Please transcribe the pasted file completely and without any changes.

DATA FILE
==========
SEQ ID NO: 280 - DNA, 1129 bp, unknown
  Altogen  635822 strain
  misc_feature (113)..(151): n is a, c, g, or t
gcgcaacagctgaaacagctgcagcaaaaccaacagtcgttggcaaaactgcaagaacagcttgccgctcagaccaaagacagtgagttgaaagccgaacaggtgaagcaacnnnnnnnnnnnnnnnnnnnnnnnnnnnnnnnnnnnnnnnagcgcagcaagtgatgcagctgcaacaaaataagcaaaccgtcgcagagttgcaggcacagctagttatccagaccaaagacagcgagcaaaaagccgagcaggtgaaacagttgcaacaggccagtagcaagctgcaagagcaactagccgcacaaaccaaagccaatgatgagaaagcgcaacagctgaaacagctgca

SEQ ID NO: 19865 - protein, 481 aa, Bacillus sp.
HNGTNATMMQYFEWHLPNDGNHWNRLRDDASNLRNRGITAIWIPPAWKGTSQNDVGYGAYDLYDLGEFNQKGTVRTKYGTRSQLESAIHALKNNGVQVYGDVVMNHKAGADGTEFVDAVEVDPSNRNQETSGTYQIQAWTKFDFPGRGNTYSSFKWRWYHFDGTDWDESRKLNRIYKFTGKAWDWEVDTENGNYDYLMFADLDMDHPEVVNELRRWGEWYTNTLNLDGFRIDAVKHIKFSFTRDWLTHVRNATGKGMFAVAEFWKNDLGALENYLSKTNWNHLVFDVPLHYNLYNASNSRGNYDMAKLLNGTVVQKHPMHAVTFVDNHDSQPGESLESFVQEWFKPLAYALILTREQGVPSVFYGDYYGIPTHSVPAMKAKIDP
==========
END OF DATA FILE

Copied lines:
SEQ ID NO: 280 - DNA, 1129 bp, unknown
  Altogen  635822 strain
  misc_feature (113)..(151): n is a, c, g, or t
gcgcaacagctgaaacagctgcagcaaaaccaacagtcgttggcaaaactgcaagaacagcttgccgctcagaccaaagacagtgagttgaaagccgaacaggtgaagcaacnnnnnnnnnnnnnnnnnnnnnnnnnnnnnnnnnnnnnnnagcgcagcaagtgatgcagctgcaacaaaataagcaaaccgtcgcagagttgcaggcacagctagttatccagaccaaagacagcgagcaaaaagccgagcaggtgaaacagttgcaacaggccagtagcaagctgcaagagcaactagccgcacaaaccaaagccaatgatgagaaagcgcaacagctgaaacagctgca

SEQ ID NO: 19865 - protein, 481 aa, Bacillus sp.
HNGTNATMMQYFEWHLPNDGNHWNRLRDDASNLRNRGITAIWIPPAWKGTSQNDVGYGAYDLYDLGEFNQKGTVRTKYGTRSQLESAIHALKNNGVQVYGDVVMNHKAGADGTEFVDAVEVDPSNRNQETSGTYQIQAWTKFDFPGRGNTYSSFKWRWYHFDGTDWDESRKLNRIYKFTGKAWDWEVDTENGNYDYLMFADLDMDHPEVVNELRRWGEWYTNTLNLDGFRIDAVKHIKFSFTRDWLTHVRNATGKGMFAVAEFWKNDLGALENYLSKTNWNHLVFDVPLHYNLYNASNSRGNYDMAKLLNGTVVQKHPMHAVTFVDNHDSQPGESLESFVQEWFKPLAYALILTREQGVPSVFYGDYYGIPTHSVPAMKAKIDP